Articles with examples of Darboux functions without fixed points

A function $f: I \to J$ ($I,J$ intervals) has the Darboux property or the Intermediate value property if for every $a < b \in I$ and for every $\lambda$ between $f(a)$ and $f(b)$ there exists $c \in [a,b]$ such that $f(c)=\lambda$. Equivalently, the image of any interval under $f$ is an interval.

I know that there are functions $f: [0,1] \to [0,1]$ which have the Darboux property, but have no fixed points.

What are some articles which can be taken as references for this non-existence theorem? The only one I found was this, but I guess that there are older articles which deal with this subject. I searched Google and Mathscinet, but didn't find any except the one above (maybe I don't know how to search...).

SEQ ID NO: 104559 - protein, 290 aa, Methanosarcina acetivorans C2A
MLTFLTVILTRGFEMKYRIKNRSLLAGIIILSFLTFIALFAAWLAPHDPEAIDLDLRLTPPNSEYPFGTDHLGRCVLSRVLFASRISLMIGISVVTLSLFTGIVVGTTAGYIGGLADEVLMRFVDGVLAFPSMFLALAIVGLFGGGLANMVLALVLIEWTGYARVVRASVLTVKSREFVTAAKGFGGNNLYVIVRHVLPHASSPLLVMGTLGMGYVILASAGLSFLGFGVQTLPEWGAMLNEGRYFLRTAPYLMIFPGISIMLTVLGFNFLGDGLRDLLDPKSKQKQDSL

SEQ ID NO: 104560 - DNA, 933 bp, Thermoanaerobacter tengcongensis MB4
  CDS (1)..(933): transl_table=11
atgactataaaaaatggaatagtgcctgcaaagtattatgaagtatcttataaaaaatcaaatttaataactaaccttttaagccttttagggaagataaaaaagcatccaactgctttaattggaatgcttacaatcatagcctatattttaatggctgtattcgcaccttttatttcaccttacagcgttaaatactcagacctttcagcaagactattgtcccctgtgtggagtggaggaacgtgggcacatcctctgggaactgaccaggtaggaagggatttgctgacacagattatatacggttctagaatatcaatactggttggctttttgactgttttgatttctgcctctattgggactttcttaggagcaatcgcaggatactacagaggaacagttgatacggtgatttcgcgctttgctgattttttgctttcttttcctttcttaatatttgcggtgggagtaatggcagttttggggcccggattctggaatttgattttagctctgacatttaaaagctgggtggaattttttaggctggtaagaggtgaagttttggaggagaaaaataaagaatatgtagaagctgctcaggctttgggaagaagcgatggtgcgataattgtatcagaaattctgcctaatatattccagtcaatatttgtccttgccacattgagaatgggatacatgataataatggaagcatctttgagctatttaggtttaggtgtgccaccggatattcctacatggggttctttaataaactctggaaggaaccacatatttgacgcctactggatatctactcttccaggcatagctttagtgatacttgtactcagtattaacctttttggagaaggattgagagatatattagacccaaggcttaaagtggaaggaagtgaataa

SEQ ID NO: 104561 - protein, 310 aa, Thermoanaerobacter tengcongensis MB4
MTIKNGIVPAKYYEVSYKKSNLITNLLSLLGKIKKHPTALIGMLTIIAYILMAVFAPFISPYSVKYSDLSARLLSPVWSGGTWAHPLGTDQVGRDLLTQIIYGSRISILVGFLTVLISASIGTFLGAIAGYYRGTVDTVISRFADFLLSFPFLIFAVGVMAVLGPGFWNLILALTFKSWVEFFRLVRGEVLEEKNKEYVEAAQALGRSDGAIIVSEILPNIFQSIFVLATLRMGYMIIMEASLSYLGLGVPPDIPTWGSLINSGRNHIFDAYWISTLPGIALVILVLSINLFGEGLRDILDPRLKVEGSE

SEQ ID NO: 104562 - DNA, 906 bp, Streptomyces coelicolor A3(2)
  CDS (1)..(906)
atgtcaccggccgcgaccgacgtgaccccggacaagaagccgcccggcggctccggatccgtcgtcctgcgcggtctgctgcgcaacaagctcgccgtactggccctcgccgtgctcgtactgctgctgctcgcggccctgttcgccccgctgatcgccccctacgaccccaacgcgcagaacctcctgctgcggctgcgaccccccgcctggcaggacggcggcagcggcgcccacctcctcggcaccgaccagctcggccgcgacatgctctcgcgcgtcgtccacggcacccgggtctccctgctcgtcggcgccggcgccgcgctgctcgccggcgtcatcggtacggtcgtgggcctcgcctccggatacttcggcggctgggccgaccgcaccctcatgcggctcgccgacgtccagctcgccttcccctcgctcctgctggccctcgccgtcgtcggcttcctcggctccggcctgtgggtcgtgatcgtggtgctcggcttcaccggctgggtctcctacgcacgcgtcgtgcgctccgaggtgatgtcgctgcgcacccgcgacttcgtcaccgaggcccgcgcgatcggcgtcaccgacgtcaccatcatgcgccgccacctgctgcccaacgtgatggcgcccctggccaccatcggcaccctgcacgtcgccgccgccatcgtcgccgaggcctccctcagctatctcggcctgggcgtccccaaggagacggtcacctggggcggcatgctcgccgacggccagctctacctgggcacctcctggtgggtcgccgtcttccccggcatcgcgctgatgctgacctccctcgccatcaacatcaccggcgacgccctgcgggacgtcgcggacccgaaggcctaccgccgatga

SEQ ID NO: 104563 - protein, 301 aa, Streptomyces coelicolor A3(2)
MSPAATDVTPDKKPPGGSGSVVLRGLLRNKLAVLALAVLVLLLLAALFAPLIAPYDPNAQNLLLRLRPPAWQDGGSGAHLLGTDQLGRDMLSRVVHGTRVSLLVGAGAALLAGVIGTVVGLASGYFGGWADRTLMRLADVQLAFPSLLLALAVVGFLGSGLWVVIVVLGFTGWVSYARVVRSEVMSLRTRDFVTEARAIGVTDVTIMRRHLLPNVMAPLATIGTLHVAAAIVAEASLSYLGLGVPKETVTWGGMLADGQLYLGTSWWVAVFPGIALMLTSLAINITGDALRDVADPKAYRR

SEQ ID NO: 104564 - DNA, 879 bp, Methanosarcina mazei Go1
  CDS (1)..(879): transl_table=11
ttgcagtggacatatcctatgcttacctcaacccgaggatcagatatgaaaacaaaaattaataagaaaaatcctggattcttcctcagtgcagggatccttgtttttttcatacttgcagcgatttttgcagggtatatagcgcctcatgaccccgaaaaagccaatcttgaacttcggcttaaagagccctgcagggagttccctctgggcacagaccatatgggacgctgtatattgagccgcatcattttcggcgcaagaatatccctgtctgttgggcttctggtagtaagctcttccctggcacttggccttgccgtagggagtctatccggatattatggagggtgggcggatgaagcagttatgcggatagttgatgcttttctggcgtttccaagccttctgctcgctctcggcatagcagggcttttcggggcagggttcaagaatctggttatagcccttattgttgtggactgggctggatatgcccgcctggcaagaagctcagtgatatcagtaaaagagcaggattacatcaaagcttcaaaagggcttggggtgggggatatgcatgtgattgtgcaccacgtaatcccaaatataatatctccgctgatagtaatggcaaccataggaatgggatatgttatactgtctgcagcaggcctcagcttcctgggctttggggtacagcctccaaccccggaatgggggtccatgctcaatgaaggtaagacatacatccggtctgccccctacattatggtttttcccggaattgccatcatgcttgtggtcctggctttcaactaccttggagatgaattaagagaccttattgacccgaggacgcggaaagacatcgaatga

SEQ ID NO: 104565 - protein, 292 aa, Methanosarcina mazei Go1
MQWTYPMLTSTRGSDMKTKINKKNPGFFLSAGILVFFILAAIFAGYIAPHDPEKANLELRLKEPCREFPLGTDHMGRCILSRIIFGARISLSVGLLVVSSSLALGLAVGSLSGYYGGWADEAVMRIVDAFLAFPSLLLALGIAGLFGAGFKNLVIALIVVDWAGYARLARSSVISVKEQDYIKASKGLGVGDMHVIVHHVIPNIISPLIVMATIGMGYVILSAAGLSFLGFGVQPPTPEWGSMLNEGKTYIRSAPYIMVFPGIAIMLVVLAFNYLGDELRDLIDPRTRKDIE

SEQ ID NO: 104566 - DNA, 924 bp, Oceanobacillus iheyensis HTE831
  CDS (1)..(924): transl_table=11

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The standard reference for Darboux functions is

Andrew Michael Bruckner and Jack Gary Ceder, Darboux continuity, Jahresbericht der Deutschen Mathematiker-Vereinigung 67 (1965), 93-117. MR 32 #4217l; Zbl 144.30003

http://eudml.org/doc/146526;jsessionid=98522A06CD68A44763F32C1354F068AB

Given its publication date, I don't think you'll find much about fixed points of Darboux functions in this paper, but you should look over the paper anyway, plus it's an excellent survey that should be quite useful in general. However, and this is a useful search tip, you can use the paper to refine your search. Search google using the phrases "Darboux continuity" AND "Bruckner" AND "fixed point". The idea is that the hits you get will be those papers and other items that cite Bruckner/Ceder's paper, and thus you'll exclude the more superficially researched items.